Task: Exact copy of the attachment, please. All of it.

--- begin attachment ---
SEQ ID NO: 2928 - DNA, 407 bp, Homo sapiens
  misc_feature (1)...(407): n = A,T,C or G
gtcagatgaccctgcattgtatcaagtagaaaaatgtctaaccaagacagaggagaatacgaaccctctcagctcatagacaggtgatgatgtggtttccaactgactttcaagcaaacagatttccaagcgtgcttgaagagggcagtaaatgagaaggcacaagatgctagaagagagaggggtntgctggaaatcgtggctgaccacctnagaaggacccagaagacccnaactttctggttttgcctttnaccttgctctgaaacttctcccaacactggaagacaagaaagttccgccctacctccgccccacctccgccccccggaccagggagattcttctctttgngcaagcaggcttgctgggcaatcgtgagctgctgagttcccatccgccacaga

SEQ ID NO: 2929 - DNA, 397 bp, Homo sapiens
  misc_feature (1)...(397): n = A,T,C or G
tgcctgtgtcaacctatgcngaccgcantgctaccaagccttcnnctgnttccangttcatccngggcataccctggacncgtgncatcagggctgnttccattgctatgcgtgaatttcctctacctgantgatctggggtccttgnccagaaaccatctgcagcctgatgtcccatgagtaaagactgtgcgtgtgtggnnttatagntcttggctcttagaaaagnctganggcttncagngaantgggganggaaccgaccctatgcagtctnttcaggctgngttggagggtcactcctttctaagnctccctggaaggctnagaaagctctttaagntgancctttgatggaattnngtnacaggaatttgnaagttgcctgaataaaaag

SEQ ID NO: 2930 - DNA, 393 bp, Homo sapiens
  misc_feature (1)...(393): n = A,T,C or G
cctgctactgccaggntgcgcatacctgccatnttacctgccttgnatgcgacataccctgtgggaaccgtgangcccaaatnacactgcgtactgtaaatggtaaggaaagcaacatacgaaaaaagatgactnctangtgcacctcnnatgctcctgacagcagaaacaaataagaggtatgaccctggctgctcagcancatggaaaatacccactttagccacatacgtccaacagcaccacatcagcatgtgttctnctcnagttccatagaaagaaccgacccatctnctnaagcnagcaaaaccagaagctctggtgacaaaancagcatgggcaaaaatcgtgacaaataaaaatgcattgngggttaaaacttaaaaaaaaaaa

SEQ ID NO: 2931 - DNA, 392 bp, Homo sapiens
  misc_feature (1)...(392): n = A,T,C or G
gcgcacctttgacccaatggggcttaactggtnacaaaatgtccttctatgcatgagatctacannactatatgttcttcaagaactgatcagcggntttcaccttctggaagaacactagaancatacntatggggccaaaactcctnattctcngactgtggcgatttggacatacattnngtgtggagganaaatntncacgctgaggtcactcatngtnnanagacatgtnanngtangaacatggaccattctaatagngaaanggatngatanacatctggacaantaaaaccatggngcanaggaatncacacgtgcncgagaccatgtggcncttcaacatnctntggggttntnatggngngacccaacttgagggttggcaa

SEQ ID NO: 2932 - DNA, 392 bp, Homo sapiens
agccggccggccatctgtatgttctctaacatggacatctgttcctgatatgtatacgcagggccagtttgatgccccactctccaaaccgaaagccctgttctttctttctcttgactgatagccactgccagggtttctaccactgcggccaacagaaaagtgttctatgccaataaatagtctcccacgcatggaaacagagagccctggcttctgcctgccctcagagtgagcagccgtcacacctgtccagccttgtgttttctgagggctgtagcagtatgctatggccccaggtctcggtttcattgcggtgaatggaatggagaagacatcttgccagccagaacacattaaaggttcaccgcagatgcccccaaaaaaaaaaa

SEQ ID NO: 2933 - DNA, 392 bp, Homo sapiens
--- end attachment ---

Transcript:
SEQ ID NO: 2928 - DNA, 407 bp, Homo sapiens
  misc_feature (1)...(407): n = A,T,C or G
gtcagatgaccctgcattgtatcaagtagaaaaatgtctaaccaagacagaggagaatacgaaccctctcagctcatagacaggtgatgatgtggtttccaactgactttcaagcaaacagatttccaagcgtgcttgaagagggcagtaaatgagaaggcacaagatgctagaagagagaggggtntgctggaaatcgtggctgaccacctnagaaggacccagaagacccnaactttctggttttgcctttnaccttgctctgaaacttctcccaacactggaagacaagaaagttccgccctacctccgccccacctccgccccccggaccagggagattcttctctttgngcaagcaggcttgctgggcaatcgtgagctgctgagttcccatccgccacaga

SEQ ID NO: 2929 - DNA, 397 bp, Homo sapiens
  misc_feature (1)...(397): n = A,T,C or G
tgcctgtgtcaacctatgcngaccgcantgctaccaagccttcnnctgnttccangttcatccngggcataccctggacncgtgncatcagggctgnttccattgctatgcgtgaatttcctctacctgantgatctggggtccttgnccagaaaccatctgcagcctgatgtcccatgagtaaagactgtgcgtgtgtggnnttatagntcttggctcttagaaaagnctganggcttncagngaantgggganggaaccgaccctatgcagtctnttcaggctgngttggagggtcactcctttctaagnctccctggaaggctnagaaagctctttaagntgancctttgatggaattnngtnacaggaatttgnaagttgcctgaataaaaag

SEQ ID NO: 2930 - DNA, 393 bp, Homo sapiens
  misc_feature (1)...(393): n = A,T,C or G
cctgctactgccaggntgcgcatacctgccatnttacctgccttgnatgcgacataccctgtgggaaccgtgangcccaaatnacactgcgtactgtaaatggtaaggaaagcaacatacgaaaaaagatgactnctangtgcacctcnnatgctcctgacagcagaaacaaataagaggtatgaccctggctgctcagcancatggaaaatacccactttagccacatacgtccaacagcaccacatcagcatgtgttctnctcnagttccatagaaagaaccgacccatctnctnaagcnagcaaaaccagaagctctggtgacaaaancagcatgggcaaaaatcgtgacaaataaaaatgcattgngggttaaaacttaaaaaaaaaaa

SEQ ID NO: 2931 - DNA, 392 bp, Homo sapiens
  misc_feature (1)...(392): n = A,T,C or G
gcgcacctttgacccaatggggcttaactggtnacaaaatgtccttctatgcatgagatctacannactatatgttcttcaagaactgatcagcggntttcaccttctggaagaacactagaancatacntatggggccaaaactcctnattctcngactgtggcgatttggacatacattnngtgtggagganaaatntncacgctgaggtcactcatngtnnanagacatgtnanngtangaacatggaccattctaatagngaaanggatngatanacatctggacaantaaaaccatggngcanaggaatncacacgtgcncgagaccatgtggcncttcaacatnctntggggttntnatggngngacccaacttgagggttggcaa

SEQ ID NO: 2932 - DNA, 392 bp, Homo sapiens
agccggccggccatctgtatgttctctaacatggacatctgttcctgatatgtatacgcagggccagtttgatgccccactctccaaaccgaaagccctgttctttctttctcttgactgatagccactgccagggtttctaccactgcggccaacagaaaagtgttctatgccaataaatagtctcccacgcatggaaacagagagccctggcttctgcctgccctcagagtgagcagccgtcacacctgtccagccttgtgttttctgagggctgtagcagtatgctatggccccaggtctcggtttcattgcggtgaatggaatggagaagacatcttgccagccagaacacattaaaggttcaccgcagatgcccccaaaaaaaaaaa

SEQ ID NO: 2933 - DNA, 392 bp, Homo sapiens